The elbow joint is like the "knee" of the upper limb. Sitting in-between the shoulder and wrist, it is entirely reliant on the efficiency of these joints. The most common elbow injury terms people are familiar with are "tennis elbow" and golfer's elbow". We see these conditions a lot here at the clinic and they respond extremely well with the appropriate treatment intervention. Other injuries we see include: elbow dislocations, fractures and ligament sprains.
Pain on the inside of the elbow is often classified as "Golfers elbow". A true Golfer's elbow is a tendon injury that has occurred due to repeated trauma. Repeated movements can cause damage to the tendons that attach to the inside of the elbow joint. If it continues, then eventually the tendon breaks down and can then be classified as a "tendinopathy". The condition involves the same pathology as tennis elbow, however, tennis elbow is the term given to tendon that attaches to the outside of the elbow.
You don’t have to play golf to experience a Golfer's elbow injury. In fact it is more likely to happen in people who do repetitive movements such as computer typing, mouse work or repeated tasks such as painting and decorating.
Treatment will focus on helping heal the damaged tissues. This may be through the use of joint mobilisations, soft tissue massage, electrotherapeutic modalities and strengthening. Taping can also be of benefit as well.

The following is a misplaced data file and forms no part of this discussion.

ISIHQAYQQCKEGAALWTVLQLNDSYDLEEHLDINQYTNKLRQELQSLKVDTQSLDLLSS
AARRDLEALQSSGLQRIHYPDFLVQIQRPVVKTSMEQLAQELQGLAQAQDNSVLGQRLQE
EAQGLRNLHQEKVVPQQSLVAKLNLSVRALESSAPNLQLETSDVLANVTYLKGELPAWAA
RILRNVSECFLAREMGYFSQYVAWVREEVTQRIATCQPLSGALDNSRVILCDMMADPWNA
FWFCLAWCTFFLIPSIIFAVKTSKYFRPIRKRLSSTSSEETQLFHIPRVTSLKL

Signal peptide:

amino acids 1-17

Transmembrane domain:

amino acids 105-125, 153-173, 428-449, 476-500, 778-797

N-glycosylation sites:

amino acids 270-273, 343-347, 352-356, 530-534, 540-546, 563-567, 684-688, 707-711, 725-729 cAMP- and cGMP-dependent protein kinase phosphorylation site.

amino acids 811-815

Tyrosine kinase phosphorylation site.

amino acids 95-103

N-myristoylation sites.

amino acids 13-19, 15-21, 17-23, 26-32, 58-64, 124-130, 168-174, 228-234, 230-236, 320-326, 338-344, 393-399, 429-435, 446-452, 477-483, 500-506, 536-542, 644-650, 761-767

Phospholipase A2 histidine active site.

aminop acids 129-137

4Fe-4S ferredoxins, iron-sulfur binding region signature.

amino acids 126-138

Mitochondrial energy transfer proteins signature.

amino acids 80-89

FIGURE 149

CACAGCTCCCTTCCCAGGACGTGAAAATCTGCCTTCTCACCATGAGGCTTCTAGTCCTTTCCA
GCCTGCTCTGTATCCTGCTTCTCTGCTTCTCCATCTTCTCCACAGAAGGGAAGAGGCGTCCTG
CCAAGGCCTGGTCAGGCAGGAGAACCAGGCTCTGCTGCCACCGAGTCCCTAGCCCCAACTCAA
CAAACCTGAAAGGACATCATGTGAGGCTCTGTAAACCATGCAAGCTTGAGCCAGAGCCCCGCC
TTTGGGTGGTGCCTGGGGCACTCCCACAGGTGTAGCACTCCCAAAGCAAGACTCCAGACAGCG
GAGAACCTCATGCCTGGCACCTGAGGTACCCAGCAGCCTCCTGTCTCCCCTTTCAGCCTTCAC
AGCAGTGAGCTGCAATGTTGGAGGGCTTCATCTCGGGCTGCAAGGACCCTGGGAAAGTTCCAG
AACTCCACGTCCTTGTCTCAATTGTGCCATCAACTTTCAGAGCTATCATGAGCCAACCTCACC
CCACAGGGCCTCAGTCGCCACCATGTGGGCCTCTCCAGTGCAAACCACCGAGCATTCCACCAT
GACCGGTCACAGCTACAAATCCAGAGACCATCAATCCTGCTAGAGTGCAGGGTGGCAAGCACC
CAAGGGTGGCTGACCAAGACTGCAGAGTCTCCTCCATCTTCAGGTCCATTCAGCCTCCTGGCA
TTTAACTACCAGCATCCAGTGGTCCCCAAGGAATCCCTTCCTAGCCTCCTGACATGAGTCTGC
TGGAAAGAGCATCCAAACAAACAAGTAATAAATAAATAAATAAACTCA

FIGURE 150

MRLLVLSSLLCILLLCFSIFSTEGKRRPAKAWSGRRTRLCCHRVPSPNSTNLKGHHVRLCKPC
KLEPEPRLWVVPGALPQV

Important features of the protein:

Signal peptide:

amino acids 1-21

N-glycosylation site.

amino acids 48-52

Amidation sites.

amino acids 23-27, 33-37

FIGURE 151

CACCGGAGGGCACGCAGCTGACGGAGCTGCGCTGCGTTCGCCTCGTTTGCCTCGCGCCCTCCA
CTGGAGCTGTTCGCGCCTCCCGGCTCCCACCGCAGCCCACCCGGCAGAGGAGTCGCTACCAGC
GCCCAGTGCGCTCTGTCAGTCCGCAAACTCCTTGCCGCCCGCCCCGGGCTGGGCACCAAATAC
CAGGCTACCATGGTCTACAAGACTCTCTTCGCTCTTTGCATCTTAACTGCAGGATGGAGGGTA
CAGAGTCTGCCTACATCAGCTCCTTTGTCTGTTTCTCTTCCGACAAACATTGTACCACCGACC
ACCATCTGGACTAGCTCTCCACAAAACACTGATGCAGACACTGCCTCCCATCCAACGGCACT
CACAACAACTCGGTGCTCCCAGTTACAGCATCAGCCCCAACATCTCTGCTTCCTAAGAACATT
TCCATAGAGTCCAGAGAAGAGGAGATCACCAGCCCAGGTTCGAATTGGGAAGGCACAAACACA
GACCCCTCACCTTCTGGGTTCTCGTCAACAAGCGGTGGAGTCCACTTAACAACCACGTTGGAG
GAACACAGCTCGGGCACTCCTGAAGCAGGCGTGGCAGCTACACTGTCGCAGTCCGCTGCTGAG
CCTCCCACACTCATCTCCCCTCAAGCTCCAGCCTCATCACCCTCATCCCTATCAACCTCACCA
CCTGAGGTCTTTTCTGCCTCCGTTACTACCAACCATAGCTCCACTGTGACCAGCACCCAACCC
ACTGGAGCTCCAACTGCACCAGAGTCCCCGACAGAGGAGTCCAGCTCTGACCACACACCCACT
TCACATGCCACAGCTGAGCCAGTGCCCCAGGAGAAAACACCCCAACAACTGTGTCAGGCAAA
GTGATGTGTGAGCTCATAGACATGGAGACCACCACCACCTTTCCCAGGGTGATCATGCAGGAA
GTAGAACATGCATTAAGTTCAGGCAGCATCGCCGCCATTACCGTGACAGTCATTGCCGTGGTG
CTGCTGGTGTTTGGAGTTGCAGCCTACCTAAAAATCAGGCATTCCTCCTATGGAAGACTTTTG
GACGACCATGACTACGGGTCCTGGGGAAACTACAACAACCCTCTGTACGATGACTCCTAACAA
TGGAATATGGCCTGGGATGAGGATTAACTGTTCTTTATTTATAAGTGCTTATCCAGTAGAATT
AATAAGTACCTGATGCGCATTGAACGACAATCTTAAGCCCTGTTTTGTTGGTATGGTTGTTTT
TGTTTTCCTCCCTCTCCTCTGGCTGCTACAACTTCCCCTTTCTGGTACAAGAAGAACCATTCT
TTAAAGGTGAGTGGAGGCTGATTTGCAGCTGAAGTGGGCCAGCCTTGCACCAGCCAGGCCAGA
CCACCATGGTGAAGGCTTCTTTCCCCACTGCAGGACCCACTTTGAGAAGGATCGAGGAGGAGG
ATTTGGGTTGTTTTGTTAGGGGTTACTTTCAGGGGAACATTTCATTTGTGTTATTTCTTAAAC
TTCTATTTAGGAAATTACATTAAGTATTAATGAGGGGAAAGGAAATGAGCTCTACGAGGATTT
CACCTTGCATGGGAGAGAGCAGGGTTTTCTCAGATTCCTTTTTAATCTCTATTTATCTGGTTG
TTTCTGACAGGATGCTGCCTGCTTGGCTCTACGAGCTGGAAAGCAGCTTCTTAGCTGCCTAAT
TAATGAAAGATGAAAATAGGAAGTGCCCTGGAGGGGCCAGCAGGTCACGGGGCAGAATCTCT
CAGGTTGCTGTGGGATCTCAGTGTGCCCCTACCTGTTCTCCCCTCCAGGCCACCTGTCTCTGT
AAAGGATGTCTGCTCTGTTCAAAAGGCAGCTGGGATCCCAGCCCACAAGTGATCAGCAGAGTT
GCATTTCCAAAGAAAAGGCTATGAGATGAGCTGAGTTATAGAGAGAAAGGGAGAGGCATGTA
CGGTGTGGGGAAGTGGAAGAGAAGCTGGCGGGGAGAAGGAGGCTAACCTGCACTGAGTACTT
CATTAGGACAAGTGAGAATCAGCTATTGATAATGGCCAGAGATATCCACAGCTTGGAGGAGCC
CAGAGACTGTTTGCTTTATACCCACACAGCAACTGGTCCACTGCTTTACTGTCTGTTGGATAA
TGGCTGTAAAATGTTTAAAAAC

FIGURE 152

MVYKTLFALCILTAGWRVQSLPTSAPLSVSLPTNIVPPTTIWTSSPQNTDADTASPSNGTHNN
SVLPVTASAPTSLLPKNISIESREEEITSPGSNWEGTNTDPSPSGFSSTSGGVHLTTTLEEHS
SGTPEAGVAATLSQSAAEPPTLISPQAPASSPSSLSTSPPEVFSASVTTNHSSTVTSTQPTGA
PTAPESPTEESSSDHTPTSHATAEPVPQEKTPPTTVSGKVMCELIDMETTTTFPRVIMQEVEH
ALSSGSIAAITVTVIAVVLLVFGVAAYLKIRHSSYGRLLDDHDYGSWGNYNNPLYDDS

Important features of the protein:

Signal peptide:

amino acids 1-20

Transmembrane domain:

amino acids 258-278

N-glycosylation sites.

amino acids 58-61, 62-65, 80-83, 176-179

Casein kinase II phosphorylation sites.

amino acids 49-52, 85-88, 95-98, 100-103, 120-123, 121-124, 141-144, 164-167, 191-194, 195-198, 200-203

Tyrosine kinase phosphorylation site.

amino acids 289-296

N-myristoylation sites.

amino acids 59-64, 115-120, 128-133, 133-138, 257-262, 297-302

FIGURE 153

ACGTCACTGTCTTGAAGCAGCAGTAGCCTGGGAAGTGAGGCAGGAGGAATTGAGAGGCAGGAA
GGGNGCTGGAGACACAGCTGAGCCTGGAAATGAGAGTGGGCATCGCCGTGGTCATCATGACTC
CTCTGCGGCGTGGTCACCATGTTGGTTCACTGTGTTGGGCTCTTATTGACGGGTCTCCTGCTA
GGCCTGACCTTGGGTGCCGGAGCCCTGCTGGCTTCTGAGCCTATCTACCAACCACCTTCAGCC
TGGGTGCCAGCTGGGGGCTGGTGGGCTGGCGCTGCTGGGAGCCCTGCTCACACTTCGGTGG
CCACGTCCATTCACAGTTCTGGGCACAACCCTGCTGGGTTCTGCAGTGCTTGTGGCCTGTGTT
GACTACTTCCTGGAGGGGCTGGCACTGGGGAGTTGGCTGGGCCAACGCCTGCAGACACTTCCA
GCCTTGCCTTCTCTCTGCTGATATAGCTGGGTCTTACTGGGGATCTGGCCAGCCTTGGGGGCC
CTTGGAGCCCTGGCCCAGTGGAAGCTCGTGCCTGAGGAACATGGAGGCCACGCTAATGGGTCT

Now, the reason why the injury may have occurred in the first place may simply be due to an excessive increase in golf participation without appropriate rest in between sessions. However, a person who has played golf for years, and is quite used to the stresses placed upon the tendon, may have developed the problem due to a restriction in movement at the hand or shoulder joint. This is in turn maybe asking too much of the tendons every time they hit the ball.
In some cases, there maybe nothing wrong with the elbow joint at all, and the symptoms may be a "referred" pain from a trapped nerve within the neck.
As always, in order to fully resolve a problem you need to fully understand it. A thorough assessment will reveal why the problem is happening, allowing treatment to focus on where the problem is.